The Women of the Wall refused, and still refuse to accept, that compromise. To this day they demand to pray in the central Kotel plaza. Over the years they have been joined by the Reform movement, whose original and historic policy had been to renounce the use of the Kotel as a holy site. The compromise was later accepted as law by a High Court of Justice ruling on a petition from the Women of the Wall in 2003, which states that the government will prepare the site of Robinson's Arch within a year, and "then the Women of the Wall will be allowed to pray in their manner there," and "it will be possible to see it as an alternative to the Kotel plaza for prayer."

In reality it is only the Conservatives who accepted this compromise. The Women of the Wall continued to insist on praying in the main Kotel plaza, and only went to the Robinson's Arch site every month to complete their service as they were prevented from reading from the Torah in the central plaza. Recently, as their public campaign has picked up momentum, the Women of the Wall have stopped going to Robinson's Arch completely out of fear it will weaken their struggle.

Despite all the streams presenting a united front against the government over the Kotel issue, the other denominations hold the matter of Robinson's Arch against the Conservatives. The Women of the Wall are convinced that if the united front had remained firm 10 or 15 years ago, the gates of the main Kotel plaza would already have been opened to them and all the other non-Orthodox streams. But the Conservatives are convinced that Netanyahu would not have encouraged expanding the solutions and the de facto recognition of the pluralistic prayer area, if not for the successful pilot they have been carrying out.

Yizhar Hess, the director of the Masorti Movement and a lawyer, is convinced that his movement's pragmatic stand has contributed to the status of the non-Orthodox movements in Israel. The recent official committee on setting policy for Daylight Savings Time invited representatives of the Conservative and Reform movements as official representatives – something that was inconceivable a decade ago, said Hess.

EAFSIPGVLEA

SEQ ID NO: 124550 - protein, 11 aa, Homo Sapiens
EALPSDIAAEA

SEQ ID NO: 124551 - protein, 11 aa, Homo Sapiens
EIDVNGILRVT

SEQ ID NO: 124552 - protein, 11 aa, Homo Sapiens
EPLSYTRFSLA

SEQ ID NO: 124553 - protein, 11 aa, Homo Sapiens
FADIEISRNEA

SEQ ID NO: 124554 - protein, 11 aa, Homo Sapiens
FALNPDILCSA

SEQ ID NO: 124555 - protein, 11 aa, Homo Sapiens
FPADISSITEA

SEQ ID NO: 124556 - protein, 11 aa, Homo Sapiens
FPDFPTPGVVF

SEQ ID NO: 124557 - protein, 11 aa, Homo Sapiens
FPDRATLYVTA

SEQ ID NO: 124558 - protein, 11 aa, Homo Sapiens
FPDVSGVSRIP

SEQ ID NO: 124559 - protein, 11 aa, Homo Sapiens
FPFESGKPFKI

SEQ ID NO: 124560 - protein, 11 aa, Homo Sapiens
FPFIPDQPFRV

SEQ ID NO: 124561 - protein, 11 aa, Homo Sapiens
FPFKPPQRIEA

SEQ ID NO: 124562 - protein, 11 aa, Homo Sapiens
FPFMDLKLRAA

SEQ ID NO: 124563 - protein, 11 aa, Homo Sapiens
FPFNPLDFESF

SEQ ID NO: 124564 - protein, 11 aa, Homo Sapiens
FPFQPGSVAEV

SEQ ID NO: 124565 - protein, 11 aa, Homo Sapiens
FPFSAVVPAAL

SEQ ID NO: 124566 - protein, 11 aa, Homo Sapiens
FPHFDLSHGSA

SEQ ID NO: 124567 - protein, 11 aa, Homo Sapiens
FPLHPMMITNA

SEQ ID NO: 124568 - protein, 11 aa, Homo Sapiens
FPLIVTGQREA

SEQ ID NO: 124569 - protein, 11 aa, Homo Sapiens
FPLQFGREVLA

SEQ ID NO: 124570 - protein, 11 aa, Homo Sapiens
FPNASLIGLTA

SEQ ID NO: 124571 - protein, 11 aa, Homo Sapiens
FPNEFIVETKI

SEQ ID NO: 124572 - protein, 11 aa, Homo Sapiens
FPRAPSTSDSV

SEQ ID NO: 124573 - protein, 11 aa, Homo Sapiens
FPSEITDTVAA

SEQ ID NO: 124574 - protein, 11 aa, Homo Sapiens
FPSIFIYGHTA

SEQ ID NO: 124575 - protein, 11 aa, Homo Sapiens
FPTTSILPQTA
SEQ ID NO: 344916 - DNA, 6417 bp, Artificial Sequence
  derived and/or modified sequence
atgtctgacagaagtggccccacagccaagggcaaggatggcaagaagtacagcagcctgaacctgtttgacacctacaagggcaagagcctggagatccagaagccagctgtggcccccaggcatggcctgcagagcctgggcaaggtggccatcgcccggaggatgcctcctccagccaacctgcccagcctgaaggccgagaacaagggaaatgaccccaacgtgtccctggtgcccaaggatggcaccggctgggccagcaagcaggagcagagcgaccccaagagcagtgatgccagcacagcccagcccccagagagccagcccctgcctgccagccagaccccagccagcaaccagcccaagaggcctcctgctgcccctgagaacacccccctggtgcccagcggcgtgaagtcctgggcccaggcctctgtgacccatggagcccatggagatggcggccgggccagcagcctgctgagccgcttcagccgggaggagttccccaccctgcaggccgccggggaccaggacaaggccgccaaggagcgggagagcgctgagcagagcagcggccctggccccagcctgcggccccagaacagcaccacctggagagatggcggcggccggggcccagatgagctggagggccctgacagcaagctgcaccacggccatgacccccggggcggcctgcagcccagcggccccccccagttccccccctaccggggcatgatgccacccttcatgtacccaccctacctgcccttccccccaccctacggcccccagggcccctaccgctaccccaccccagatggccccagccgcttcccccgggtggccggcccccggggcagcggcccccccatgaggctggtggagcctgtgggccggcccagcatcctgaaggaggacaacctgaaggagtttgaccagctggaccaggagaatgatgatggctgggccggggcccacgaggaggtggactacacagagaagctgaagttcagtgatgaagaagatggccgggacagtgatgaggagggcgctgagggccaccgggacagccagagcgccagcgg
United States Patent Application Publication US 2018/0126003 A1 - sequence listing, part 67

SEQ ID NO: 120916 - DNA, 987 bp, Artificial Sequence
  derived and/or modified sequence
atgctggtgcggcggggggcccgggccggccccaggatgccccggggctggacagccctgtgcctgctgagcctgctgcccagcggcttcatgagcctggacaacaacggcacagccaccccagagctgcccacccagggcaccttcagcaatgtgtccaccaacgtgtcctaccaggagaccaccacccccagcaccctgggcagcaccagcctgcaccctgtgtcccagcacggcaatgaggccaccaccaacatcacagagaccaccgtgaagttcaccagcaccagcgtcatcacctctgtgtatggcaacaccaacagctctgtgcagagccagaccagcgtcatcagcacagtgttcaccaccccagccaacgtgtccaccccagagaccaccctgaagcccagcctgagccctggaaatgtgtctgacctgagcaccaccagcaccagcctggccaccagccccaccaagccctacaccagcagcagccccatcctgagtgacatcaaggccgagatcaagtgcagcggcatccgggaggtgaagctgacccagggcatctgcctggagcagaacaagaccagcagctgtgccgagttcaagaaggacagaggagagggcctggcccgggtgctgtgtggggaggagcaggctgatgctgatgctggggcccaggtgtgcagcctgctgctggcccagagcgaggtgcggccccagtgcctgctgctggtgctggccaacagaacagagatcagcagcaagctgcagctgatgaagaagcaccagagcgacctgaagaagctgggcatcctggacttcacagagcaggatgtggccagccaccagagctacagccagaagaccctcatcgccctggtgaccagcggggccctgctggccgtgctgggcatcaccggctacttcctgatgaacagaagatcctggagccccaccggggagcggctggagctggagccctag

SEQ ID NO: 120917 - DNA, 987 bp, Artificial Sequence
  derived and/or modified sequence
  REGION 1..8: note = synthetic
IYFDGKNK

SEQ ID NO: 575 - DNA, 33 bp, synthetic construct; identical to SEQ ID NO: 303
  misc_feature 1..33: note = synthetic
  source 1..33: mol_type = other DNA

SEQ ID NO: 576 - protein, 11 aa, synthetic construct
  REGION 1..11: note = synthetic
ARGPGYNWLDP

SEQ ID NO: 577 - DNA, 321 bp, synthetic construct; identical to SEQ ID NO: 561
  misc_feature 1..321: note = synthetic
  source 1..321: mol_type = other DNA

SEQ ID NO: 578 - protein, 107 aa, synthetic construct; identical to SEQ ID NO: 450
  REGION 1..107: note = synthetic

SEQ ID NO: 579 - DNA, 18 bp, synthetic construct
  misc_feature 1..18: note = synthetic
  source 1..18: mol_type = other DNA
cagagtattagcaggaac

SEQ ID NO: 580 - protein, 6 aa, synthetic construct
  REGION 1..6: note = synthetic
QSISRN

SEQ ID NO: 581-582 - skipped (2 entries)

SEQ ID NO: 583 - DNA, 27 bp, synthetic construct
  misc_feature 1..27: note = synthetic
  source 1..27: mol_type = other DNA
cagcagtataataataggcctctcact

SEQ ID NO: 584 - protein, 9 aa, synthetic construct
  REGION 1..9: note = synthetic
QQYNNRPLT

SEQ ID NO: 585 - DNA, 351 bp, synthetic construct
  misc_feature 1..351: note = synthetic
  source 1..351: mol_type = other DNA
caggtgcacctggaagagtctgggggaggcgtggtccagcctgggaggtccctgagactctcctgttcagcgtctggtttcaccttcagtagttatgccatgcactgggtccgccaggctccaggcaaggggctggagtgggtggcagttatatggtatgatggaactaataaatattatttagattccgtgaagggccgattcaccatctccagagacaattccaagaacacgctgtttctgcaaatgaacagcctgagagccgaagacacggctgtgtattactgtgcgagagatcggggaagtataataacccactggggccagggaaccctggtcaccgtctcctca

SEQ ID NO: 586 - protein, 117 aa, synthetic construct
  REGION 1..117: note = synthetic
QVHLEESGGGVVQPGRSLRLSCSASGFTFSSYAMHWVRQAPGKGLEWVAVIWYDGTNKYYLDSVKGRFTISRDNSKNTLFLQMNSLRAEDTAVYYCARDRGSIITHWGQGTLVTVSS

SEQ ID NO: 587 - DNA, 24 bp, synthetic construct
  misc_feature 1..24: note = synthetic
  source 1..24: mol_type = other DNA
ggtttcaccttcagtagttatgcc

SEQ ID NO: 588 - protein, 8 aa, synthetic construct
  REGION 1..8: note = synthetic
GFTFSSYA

While ten years ago only a few hundred people came every year to pray at the Masorti Kotel, "today 20,000 Jews a year come here, and our calendar is full years in advance," said Hess. "We demand that the general plaza be open to all, and we are not giving up on this. For us, the compromise is a necessary evil, but it has expanded and improved over the years. We are responsible for the breakthrough that says it is possible to prepare an alternative place were the Jewish People can have their say," he added.

"We agreed to the historic compromise since it is impossible to say no to every compromise. Today it turns out that this is the dowry of the Conservative Movement, and we are willing to give it with love to other denominations," said Hess. "It was our historic role, to give birth to this. We invested hundreds of thousands of dollars here, we brought Torah scrolls, we provided services to Jews of all denominations, also Reform," he added.

The Reform movement and the Women of the Wall prefer not to air their dispute with the Conservative movement in public, which also might be shooting themselves in the foot. But a central figure in the Kotel struggle said he is convinced that the Conservatives' agreement to accept the Neeman compromise at Robinson's Arch weakened the Women of the Wall's case in the High Court of Justice, and led to their defeat in court in 2003. "The Conservatives blinked in the midst of battle only so they could pray in an archeological park," he said.

Dr. Kobi Cohen-Hattab of the Land of Israel Studies and Archaeology department at Bar-Ilan University, who has studied conflict at the Kotel in modern times, tends to accept the Conservatives' claims. "At the end of the public struggle that a number of various movements took part in, it is the Masorti movement who for the first time put into action the recognition and the right to freedom of non-Orthodox worship at the Western Wall, even if they did not realize this right completely at the central plaza," he said.

Robinson's Arch.Credit: Michal Fattal
Member of Women of the Wall leads a prayer at Western Wall in Jerusalem, May 10, 2013.Credit: AP
American women, some in their seventies, celebrating their bat mitzvah at Robinson’s Arch near the Western Wall.Credit: Emil Salman